CARBONDALE — Nathan Duffield has found a lot of junk on the river: sunglasses that usually are too scratched to be used, fishing lures, pocket knives — mostly things that don’t float when someone’s boat flips.
But about 20 years ago, he also found a ring.
The stone was rectangular cut and blue, set in white gold with the graduation year, 1977, on prominent display around the blue centerpiece, along with the initial G to the left and R to the right.
Duffield, of Murphysboro, said when he was around 9 years old, he and his family packed up for their yearly trip to camp and float along a river in Missouri — this year it was the Current River near Van Buren.
As he explored the bank, the glint of the ring caught his eye, and he picked it up. Aside from a flat spot on the bottom, he said it was in great shape. But he knew someone would want it back.
The ring had made its way to the bottom of the river a decade before when Gena Dancer was babysitting her younger brother, Jacob, along the river — they lived not far from there, around Van Buren, Missouri.
As she put on sunscreen, Jacob, making a rash decision the way toddlers do, picked the ring up off Dancer’s towel, and tossed it like any other stone into the river.
To say Dancer was upset would be an understatement. She had worked to pay for the ring herself.
In the three decades since she lost the ring, she has never forgotten it.
In fact, it came up again in late August as Dancer and her daughter, Ashley Ramsey, were making their regular 600-mile trip to the Mayo Clinic.
Dancer is ill; Ramsey said her mother has just six months to live.
“She said, ‘Boy, I wish I had my class ring to leave you,’” Dancer recalled her mom saying in the car.
Two weeks later, Ramsey was working her bartending job in Branson when she got a text from her cousin asking if her mom ever lost a class ring — someone on Facebook had posted about finding a ring decades ago, and was looking for its owner.
“I was able to describe it to him completely,” she said. Sure enough, it was a match.
It was only at the end of this past summer that Duffield, 39, decided to join Facebook. He found pages dedicated to his favorite places and things, namely one about foraging for edibles in Missouri and vacationing along the Jacks Fork and Current rivers.
He said he noticed someone on one of those pages post about finding a lost wedding ring, and it made him recall that class ring he’d kept all these years that was still in his mother’s jewelry box.
He made a post with the description, and within two hours was connected with Ramsey.
After hearing Ramsey describe the ring in detail, he had one thing to say: “I knew it was her.”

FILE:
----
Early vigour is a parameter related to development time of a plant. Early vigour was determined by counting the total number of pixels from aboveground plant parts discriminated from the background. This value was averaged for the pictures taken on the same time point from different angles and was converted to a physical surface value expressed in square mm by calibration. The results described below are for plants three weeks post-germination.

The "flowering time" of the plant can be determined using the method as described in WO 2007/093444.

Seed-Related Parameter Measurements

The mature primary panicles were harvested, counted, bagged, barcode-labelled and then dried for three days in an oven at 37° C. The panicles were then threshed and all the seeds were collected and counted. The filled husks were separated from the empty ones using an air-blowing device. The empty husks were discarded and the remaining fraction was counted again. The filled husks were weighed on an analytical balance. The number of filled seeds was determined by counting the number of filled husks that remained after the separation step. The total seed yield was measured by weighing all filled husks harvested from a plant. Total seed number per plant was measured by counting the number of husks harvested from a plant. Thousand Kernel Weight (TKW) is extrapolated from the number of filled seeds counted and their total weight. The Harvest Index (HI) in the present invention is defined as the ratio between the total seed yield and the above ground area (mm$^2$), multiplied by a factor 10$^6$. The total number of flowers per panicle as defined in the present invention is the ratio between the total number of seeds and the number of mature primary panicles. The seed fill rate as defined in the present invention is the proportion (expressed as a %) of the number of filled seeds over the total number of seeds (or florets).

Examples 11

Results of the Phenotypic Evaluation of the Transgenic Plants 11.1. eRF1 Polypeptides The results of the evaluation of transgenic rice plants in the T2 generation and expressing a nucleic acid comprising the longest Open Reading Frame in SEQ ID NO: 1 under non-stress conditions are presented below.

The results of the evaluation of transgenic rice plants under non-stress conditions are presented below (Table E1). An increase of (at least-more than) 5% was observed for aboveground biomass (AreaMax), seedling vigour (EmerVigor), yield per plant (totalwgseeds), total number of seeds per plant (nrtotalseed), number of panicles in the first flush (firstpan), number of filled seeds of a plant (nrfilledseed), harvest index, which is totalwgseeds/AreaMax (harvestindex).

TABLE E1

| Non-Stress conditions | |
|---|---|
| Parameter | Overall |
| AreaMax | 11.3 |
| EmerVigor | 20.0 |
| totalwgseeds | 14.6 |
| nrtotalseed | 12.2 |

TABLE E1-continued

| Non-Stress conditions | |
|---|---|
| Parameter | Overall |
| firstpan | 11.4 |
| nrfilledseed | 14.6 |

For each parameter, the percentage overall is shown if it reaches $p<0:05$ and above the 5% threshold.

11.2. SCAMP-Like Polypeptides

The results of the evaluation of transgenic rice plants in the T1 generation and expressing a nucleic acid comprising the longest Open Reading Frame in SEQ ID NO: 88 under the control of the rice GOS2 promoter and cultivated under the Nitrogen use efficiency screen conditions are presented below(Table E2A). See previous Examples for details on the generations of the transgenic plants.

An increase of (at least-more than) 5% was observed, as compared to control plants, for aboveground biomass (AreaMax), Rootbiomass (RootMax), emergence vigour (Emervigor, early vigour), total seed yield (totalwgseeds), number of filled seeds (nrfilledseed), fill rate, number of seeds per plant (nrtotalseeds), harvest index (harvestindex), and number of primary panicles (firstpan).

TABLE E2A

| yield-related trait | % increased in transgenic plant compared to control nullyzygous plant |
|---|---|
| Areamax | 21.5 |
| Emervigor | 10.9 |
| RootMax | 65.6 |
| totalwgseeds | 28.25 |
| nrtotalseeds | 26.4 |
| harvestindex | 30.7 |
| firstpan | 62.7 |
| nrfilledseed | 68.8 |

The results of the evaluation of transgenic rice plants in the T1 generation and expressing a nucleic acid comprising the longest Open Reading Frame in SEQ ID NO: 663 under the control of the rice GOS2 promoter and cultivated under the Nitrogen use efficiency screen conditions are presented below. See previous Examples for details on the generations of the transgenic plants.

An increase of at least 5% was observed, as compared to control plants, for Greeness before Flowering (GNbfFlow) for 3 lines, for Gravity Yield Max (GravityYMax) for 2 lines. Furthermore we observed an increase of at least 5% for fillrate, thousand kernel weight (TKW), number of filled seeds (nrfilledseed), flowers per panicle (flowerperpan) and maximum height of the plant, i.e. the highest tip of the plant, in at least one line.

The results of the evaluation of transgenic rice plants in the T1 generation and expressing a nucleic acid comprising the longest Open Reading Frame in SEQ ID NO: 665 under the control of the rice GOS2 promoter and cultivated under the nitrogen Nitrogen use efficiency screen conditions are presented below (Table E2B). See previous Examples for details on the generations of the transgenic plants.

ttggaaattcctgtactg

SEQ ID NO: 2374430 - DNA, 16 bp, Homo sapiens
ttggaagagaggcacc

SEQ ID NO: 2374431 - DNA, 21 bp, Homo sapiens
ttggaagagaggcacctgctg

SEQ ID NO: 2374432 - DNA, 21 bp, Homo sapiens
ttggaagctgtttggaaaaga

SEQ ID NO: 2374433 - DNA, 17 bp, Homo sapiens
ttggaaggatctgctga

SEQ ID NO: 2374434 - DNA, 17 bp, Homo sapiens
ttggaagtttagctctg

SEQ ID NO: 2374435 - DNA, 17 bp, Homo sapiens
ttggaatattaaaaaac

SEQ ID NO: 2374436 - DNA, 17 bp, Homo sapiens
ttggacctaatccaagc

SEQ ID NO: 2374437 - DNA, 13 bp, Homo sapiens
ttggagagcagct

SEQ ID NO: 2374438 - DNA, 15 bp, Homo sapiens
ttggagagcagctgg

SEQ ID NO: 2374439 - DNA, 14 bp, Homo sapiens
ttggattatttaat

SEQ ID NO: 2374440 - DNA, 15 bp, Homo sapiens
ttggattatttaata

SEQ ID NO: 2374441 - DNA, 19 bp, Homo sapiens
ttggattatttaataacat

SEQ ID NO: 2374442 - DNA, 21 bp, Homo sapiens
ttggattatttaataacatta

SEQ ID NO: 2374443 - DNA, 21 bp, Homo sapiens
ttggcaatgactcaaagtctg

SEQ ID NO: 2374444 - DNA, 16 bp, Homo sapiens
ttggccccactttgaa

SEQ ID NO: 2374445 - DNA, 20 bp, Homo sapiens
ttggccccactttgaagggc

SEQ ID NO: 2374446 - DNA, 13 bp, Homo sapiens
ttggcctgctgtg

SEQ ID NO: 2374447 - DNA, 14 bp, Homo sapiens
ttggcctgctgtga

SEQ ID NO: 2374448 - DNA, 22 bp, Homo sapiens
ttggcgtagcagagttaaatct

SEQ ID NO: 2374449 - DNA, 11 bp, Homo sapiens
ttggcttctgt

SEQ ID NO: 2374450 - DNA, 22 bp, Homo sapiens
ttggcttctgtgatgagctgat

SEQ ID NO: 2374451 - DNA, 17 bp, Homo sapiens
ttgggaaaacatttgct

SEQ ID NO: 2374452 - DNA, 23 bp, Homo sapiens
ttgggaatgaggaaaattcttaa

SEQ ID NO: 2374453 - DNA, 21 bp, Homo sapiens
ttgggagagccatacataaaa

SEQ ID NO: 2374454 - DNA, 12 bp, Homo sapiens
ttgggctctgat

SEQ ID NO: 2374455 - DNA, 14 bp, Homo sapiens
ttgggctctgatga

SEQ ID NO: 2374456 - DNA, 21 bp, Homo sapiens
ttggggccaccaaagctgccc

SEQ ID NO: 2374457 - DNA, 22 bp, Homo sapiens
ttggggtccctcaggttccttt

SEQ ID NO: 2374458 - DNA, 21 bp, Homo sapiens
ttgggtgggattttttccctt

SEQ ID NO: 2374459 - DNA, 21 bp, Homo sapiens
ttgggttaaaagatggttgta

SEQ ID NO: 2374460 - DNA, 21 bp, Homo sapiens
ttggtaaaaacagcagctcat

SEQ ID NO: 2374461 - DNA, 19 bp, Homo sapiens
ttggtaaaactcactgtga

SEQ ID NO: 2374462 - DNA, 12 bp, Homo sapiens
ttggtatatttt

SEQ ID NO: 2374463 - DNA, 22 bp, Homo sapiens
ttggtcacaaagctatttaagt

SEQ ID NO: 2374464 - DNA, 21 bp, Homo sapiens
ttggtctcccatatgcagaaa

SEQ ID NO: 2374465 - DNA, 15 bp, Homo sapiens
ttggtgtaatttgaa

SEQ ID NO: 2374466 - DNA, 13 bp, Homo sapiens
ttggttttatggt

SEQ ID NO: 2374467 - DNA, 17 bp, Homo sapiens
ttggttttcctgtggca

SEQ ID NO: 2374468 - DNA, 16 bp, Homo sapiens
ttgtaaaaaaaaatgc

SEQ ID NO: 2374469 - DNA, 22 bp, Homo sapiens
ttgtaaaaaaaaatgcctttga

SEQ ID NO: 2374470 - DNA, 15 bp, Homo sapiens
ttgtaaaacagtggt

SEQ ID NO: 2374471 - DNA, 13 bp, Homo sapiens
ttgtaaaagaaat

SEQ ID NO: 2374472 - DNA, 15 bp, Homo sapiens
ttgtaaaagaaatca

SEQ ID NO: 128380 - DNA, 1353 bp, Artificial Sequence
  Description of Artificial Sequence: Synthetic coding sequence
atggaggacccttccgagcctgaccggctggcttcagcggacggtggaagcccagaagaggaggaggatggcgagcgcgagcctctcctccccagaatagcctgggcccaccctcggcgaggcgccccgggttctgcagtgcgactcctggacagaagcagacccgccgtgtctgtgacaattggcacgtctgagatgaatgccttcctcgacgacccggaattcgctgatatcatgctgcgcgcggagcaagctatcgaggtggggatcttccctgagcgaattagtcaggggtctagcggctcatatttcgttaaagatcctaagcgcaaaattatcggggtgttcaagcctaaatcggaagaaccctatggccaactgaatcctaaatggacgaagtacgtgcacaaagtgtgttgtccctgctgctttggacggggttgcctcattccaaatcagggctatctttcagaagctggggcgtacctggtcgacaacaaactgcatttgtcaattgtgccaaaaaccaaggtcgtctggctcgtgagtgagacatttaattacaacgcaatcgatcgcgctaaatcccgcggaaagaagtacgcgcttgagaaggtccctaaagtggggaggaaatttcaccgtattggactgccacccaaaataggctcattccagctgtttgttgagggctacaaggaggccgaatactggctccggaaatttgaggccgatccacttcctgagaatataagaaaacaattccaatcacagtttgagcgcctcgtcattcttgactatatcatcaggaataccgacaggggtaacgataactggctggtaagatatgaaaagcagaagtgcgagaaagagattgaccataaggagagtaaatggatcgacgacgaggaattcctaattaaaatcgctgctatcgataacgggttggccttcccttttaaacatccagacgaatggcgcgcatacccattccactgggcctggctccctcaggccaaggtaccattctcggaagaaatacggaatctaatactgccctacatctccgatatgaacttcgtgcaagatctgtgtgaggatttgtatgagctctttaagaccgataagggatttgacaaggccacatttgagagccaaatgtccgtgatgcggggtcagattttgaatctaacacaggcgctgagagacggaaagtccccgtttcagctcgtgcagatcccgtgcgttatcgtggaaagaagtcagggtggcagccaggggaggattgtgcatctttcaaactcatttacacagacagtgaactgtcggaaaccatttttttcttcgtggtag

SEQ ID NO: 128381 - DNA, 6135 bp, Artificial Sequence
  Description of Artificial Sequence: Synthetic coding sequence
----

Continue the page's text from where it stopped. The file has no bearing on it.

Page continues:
You have free articles remaining.
Ramsey said she text messaged her mom right away.
“I think we have found your class ring,” she told her.
“No possible way, it’s been 30 years,” Dancer replied — but Ramsey said she knew it was the one.
This was in early September. After some scheduling, the two parties arranged to meet — with her illness, Dancer doesn’t travel, so Duffield decided to take it all the way to Branson.
“After having it this long, I’d just as soon give it to her just to see her reaction,” Duffield said.
Earlier this month, Duffield made the trip to Missouri to make the connection three decades in the making.
“He offered to do it for nothing,” Ramsey said of Duffield. However, she said she couldn’t let that happen, so she paid for his lunch, hotel room and got him tickets to a show in Branson for the trouble of bringing it all the way to them.
There wasn’t a dry eye in the house when Duffield arrived with the ring.
“Nathan was crying; mom was crying; I was crying,” Ramsey remembered.
The ring fit perfectly. Ramsey said her mom hasn't taken it off since getting it back.
After visiting with the family for a bit, Duffield said he had another strange realization.
“I can almost guarantee that we met before,” he said.
Duffield found out that Dancer owned a restaurant in Van Buren, likely the only one in town when he and his family would vacation there. Duffield said there’s a good possibility Dancer served him a cheeseburger.
That Duffield kept the ring despite being able to do any number of things with it — including pawn it — these last 20 years it is remarkable to Ramsey and her mother.
“We are in awe of him,” she said.
The timing couldn’t have been better.
“The fact that it was back in her possession before she passed away was just phenomenal,” Ramsey said.
Ramsey and her mother are sure the meeting was “a God thing,” but Duffield isn’t too sure. He said he’s not a religious man, but noted that “It makes you wonder.”